Jefferson residents say this bipedal bear should be relocated to a facility in New York, but the NJ DEP says so far, it seems better off on its own.

"Pedals" — the injured, bi-pedal bear who became a social media sensation last year for walking around the Jefferson area like a human — is facing a new obstacle.

New York environmental officials say even if supporters could convince their New Jersey counterparts to let Pedals be moved to a wildlife center in Otisville, they won't permit it, reports.

The Orphaned Wildlife Center and hundreds of Jefferson-area residents have been eager to see Pedals relocated, worried he won't make it through the coming winter or the December bear-hunting season, and that his injuries make it hard for him to get around safely in the wild. Representatives of the center have told New Jersey 101.5 they can put him in a special enclosure in which he'd be able to interact with other bears while still being protected.

New York officials told a wildlife facility can only have one special permit to take in a bear with special needs — and the center already has another.

It's just the latest hurdle for residents who want to see Pedals moved.  So far, nearly 300,000 people have signed a petition urging New Jersey officails to OK the transfer.

But the NJ Department of Environmental protection has told New Jersey 101.5 that so far, its Division of Fish and Wildlife experts don't see a need to move Pedals — saying lots of injured bears make their way without intervention, and the Jefferson-area bear has done so for at least a year. Tranquilizing and relocating it could potentially be harmful, officials have said.

Still, the state has urged residents to report sightings promptly, so it can continue to assess the situation.

"The bear seems to have a range of about 5 miles, so it has been difficult to know it’s exact whereabouts at any given time so our biologists can get a closer look," DEP spokesman Larry Hajna told New Jersey 101.5 last month.

Staff members of the Orphaned Wildlife Center have previously told New Jersey 101.5 it's "kind of shocking" New Jersey won't let them relocate and care for Pedals, who's been hanging around Jefferson Township for about a year.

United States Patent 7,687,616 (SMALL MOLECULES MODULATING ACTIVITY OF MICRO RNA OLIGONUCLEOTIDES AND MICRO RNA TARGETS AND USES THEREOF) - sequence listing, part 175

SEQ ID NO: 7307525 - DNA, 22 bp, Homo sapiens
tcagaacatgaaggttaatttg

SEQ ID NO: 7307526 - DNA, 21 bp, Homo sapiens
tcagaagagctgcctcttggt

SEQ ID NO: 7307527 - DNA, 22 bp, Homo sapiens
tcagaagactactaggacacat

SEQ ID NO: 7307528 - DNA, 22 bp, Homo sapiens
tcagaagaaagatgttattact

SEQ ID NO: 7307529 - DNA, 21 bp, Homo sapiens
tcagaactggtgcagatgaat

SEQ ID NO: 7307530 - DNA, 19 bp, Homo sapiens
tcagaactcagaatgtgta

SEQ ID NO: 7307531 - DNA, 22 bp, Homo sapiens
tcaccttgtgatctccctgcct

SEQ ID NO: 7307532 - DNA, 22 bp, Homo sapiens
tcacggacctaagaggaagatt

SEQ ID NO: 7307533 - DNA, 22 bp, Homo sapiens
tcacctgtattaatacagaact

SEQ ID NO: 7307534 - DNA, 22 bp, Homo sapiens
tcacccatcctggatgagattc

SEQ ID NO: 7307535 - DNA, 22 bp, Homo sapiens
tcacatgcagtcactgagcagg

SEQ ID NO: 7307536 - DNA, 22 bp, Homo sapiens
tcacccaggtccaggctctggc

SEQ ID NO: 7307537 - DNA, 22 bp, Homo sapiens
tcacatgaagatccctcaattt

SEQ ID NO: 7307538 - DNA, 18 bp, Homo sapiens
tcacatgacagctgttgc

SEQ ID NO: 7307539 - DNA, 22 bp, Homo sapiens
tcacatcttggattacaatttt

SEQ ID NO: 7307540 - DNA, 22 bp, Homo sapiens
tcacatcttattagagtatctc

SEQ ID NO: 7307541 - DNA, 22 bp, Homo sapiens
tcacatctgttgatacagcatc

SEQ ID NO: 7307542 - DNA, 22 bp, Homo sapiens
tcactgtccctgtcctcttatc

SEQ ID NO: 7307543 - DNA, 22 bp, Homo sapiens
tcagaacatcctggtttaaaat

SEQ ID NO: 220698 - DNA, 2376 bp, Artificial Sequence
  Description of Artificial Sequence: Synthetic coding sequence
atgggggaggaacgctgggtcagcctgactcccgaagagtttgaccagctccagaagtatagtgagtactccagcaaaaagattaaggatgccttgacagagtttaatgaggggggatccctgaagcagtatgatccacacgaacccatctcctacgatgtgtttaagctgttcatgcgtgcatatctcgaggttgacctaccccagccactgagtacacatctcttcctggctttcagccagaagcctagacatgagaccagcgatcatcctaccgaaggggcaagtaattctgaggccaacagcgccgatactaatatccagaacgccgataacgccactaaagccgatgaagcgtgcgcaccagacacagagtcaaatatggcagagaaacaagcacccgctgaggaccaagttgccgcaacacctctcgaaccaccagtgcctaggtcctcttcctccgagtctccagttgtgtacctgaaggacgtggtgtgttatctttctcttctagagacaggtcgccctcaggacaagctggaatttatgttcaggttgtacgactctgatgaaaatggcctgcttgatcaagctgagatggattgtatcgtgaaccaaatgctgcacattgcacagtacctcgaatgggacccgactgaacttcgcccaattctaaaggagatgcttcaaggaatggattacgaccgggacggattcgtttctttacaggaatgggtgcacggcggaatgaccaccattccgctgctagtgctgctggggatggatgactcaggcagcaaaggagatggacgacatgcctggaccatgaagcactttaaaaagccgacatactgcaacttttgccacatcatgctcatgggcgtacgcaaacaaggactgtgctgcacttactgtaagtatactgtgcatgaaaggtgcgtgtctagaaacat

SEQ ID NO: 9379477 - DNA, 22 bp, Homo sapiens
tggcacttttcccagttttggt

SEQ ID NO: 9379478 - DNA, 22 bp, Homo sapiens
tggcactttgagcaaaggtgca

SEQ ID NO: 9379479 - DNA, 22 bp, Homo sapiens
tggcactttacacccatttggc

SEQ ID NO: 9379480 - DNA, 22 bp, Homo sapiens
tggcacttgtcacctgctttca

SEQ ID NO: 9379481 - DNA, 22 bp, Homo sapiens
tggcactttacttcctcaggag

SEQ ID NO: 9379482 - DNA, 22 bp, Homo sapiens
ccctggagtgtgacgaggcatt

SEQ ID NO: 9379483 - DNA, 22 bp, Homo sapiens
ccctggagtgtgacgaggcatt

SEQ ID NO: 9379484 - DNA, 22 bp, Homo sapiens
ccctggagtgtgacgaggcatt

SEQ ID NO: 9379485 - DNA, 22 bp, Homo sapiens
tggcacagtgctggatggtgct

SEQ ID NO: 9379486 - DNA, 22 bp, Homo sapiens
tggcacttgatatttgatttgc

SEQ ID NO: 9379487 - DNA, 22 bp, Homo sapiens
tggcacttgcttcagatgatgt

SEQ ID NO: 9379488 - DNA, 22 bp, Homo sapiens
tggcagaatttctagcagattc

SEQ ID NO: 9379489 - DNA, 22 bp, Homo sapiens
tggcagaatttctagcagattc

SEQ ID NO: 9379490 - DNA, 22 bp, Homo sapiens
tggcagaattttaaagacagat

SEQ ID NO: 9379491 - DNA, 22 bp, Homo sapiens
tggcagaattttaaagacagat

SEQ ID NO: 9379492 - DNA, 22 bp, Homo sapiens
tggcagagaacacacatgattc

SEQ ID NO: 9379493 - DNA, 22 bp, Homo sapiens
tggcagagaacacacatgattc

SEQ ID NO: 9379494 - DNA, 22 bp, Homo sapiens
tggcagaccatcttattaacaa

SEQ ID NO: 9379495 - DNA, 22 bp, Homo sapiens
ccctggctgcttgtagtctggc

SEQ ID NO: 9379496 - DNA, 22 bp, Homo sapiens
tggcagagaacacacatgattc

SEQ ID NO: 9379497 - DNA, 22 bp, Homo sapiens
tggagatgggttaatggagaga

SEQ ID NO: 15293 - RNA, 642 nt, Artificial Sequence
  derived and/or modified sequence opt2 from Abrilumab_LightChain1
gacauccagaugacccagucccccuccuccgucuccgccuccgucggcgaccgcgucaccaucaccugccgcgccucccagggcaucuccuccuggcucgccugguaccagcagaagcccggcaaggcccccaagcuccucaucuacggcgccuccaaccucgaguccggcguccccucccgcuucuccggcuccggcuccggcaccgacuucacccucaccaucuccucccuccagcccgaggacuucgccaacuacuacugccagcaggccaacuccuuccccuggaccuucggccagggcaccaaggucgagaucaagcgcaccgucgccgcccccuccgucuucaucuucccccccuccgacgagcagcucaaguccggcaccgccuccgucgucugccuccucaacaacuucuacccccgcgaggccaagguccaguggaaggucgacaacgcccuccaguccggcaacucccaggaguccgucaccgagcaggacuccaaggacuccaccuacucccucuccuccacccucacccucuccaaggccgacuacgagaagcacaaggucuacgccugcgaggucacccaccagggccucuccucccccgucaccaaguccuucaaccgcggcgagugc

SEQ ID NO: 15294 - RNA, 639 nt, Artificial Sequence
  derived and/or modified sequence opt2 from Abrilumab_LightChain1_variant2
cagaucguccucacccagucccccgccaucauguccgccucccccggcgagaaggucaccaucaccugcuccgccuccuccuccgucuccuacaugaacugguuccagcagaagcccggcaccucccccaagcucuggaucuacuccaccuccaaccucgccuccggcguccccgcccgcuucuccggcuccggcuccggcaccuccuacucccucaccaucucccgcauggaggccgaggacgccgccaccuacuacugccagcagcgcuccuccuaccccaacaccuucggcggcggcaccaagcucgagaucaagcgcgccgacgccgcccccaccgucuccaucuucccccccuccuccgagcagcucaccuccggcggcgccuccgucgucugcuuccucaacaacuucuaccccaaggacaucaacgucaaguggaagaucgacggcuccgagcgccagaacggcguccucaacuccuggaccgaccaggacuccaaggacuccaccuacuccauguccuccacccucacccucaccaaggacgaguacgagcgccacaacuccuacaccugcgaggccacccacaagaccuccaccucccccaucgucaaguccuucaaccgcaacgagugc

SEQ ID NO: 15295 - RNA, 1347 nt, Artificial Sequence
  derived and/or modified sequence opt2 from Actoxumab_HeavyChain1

The DEP says so far, the bear seems to be doing OK despite its injured front paws.

"Injured wild animals should be given every opportunity to survive on their own in the wild," Hajna previously said. "This bear has survived in the wild for at least one year with its impairment without assistance from people."

Pedals became an Internet sensation last year when it was first captured walking around on two legs. Officials said soon after Pedals was injured — it was avoiding use of its front legs.

And most recently, fearing Pedals won't make it through another winter, Sabrina Walsh Pugsley started a successful fundraiser to collect enough money to have Pedals moved to the Orphaned Wildlife Center in Otisville.  Kerry Clair of the Orphaned Wildlife Center has said all of the money raised — more than $23,000 as of Saturday — will be returned to donors if her group and the DEP can't come to terms on relocating Pedals.

Clair worries pedals can't dig his own den, and is only spending so much time in a residential neighborhood because he can't manage to get food elsewhere.

Hajna told New Jersey 101.5 last month that during 2014 alone, the Wildlife Services Section received reports of 125 injured bears.  Many of those animals have a broken legs, he said. They adapt quickly — "and this bear is no exception," he said.

Clair said her group has recently sent the DEP new photos and videos of the bear, including one in which it lies down in a street repeatedly, seemingly exhausted from walking on its hind legs.

State law prohibits feeding of bears, and advises garbages be secured to keep them from seeking out food in residential neighborhoods. Hajna said that's particularly important in this bear's case, as it may become acclimated to humans and avoid forested areas.

The DEP is asking members of the public who see Pedals to call its hotline at 877-927-6337 while it continues to review the situation.

Louis C. Hochman is digital managing editor for Reach him at or on Twitter @LouisCHochman.